A scent has no personal meaning until it is associated with something that is meaningful.
By Elsa Kruger
One can quite rightly say that scent is the brain’s muse. The hidden power of fragrance is that it has a positive effect on your state of mind and mood; it relieves stress, boosts self-confidence and improves sleep patterns as well as physical and mental performance.
Aromatherapy has been a huge trend in the wellness industry for a number of years already. Research at the Sense of Smell Institute under the umbrella of the Fragrance Foundation in the US shows that you can improve your health and well-being by being aware of how certain aromas affect you personally.
According to the research, a scent has no personal meaning until it is associated with something that is meaningful. With the first awareness of an aroma, you form nerve connections that intertwine the smell with emotions. The capacity for smell and your emotions are seated in the same brain network, the limbic system. The olfactory centre is directly connected to the hippocampus, the part of the brain where new memories are formed and set. Research shows that anosmia, the complete loss of the sense of smell, can lead to depression. And that people with serious depression are often less sensitive to odours.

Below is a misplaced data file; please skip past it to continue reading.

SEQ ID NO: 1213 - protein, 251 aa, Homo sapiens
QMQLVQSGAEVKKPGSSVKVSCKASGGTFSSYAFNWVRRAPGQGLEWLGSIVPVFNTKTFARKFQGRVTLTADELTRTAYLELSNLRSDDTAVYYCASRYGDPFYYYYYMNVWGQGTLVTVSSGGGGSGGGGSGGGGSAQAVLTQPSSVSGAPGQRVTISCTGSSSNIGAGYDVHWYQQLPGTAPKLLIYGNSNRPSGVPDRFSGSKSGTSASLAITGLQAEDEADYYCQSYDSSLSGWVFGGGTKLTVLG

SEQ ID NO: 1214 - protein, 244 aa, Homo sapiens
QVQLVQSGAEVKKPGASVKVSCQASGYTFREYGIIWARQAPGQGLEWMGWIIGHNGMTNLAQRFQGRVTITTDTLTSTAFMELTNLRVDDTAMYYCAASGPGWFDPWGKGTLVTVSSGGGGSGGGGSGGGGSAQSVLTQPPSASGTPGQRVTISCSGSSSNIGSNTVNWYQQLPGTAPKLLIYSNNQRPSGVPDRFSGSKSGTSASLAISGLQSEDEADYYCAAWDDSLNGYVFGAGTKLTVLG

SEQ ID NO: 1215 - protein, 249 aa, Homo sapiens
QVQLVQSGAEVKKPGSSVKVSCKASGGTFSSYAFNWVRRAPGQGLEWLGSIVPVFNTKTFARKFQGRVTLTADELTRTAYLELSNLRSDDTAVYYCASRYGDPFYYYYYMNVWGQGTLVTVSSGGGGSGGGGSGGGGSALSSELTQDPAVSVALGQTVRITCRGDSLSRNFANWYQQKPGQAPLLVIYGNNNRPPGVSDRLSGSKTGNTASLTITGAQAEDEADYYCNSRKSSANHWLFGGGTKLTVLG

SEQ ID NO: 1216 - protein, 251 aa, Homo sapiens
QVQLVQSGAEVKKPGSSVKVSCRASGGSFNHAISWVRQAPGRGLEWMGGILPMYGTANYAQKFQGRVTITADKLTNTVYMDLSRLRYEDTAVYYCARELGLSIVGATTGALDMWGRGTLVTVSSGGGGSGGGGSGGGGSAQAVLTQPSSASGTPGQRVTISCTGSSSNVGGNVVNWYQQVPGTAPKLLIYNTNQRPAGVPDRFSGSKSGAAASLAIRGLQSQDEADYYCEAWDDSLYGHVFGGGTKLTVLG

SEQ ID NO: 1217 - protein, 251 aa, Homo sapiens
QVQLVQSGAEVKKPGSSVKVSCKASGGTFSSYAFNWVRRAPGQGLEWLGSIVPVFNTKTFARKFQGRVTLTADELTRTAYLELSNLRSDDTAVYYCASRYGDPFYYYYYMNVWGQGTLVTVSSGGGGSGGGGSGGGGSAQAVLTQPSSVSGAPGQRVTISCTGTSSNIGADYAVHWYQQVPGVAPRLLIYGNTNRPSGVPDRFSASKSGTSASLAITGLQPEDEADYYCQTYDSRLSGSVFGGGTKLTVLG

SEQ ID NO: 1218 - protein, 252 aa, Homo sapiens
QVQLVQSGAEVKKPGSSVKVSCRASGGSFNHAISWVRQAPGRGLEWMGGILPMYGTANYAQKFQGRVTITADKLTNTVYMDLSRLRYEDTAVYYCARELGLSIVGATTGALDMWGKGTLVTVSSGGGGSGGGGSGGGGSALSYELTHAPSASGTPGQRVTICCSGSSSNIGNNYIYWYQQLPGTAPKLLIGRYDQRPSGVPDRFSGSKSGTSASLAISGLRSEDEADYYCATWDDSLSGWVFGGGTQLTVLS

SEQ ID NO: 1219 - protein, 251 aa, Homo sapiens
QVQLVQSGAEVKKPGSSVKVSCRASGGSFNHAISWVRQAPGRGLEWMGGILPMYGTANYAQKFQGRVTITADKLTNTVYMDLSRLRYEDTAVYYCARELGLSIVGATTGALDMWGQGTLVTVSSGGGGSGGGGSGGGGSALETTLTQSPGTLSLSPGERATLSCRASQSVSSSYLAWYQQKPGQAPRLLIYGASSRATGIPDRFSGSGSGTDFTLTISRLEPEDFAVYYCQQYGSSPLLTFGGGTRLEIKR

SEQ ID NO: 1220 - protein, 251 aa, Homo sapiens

A decline in the ability to smell can be an early sign of neurological problems like Alzheimer’s, Parkinson’s and Huntington’s diseases. There is currently very interesting research being done into the use of scent in the treatment of Alzheimer’s.
Thanks to the strong connection between body and brain, the sense of smell can be used to help you cope better with pain. A pleasant smell distracts the attention and lifts the mood; sweet scents work best.
If you have to write an exam, you can associate the information with a certain aroma by inhaling it while you study, and then take the same scent with you to the exam in a small vial, to prompt your memory.
This brings us to books and smells. It is after all gifting time, and a book or something scented is always welcome. If you want to give someone, like a member of your book club, a perfume or aromatic oil or diffuser, but you don’t know what she likes, you can couple it with the types of books she likes to read.
Who doesn’t love the smell of a brand-new book, a fragile, very old book or even a new magazine? Combine this with a scent that has your nose celebrating while you lose yourself in a book, and it’s almost nirvana.
A book takes you on a flight of the imagination, a journey, an adventure, to another world and new insights. Reading is the perfect way to escape from reality. When you read, you are also taken on a scent experience: The smell of a moss-green forest in a romantic novel, or a campfire and coffee grounds, an Italian kitchen, as the authors describe them to you. The smell of an old library, a stately cathedral, an art museum…
Breaths comes in pairs except for two times in our lives – the beginning and the end.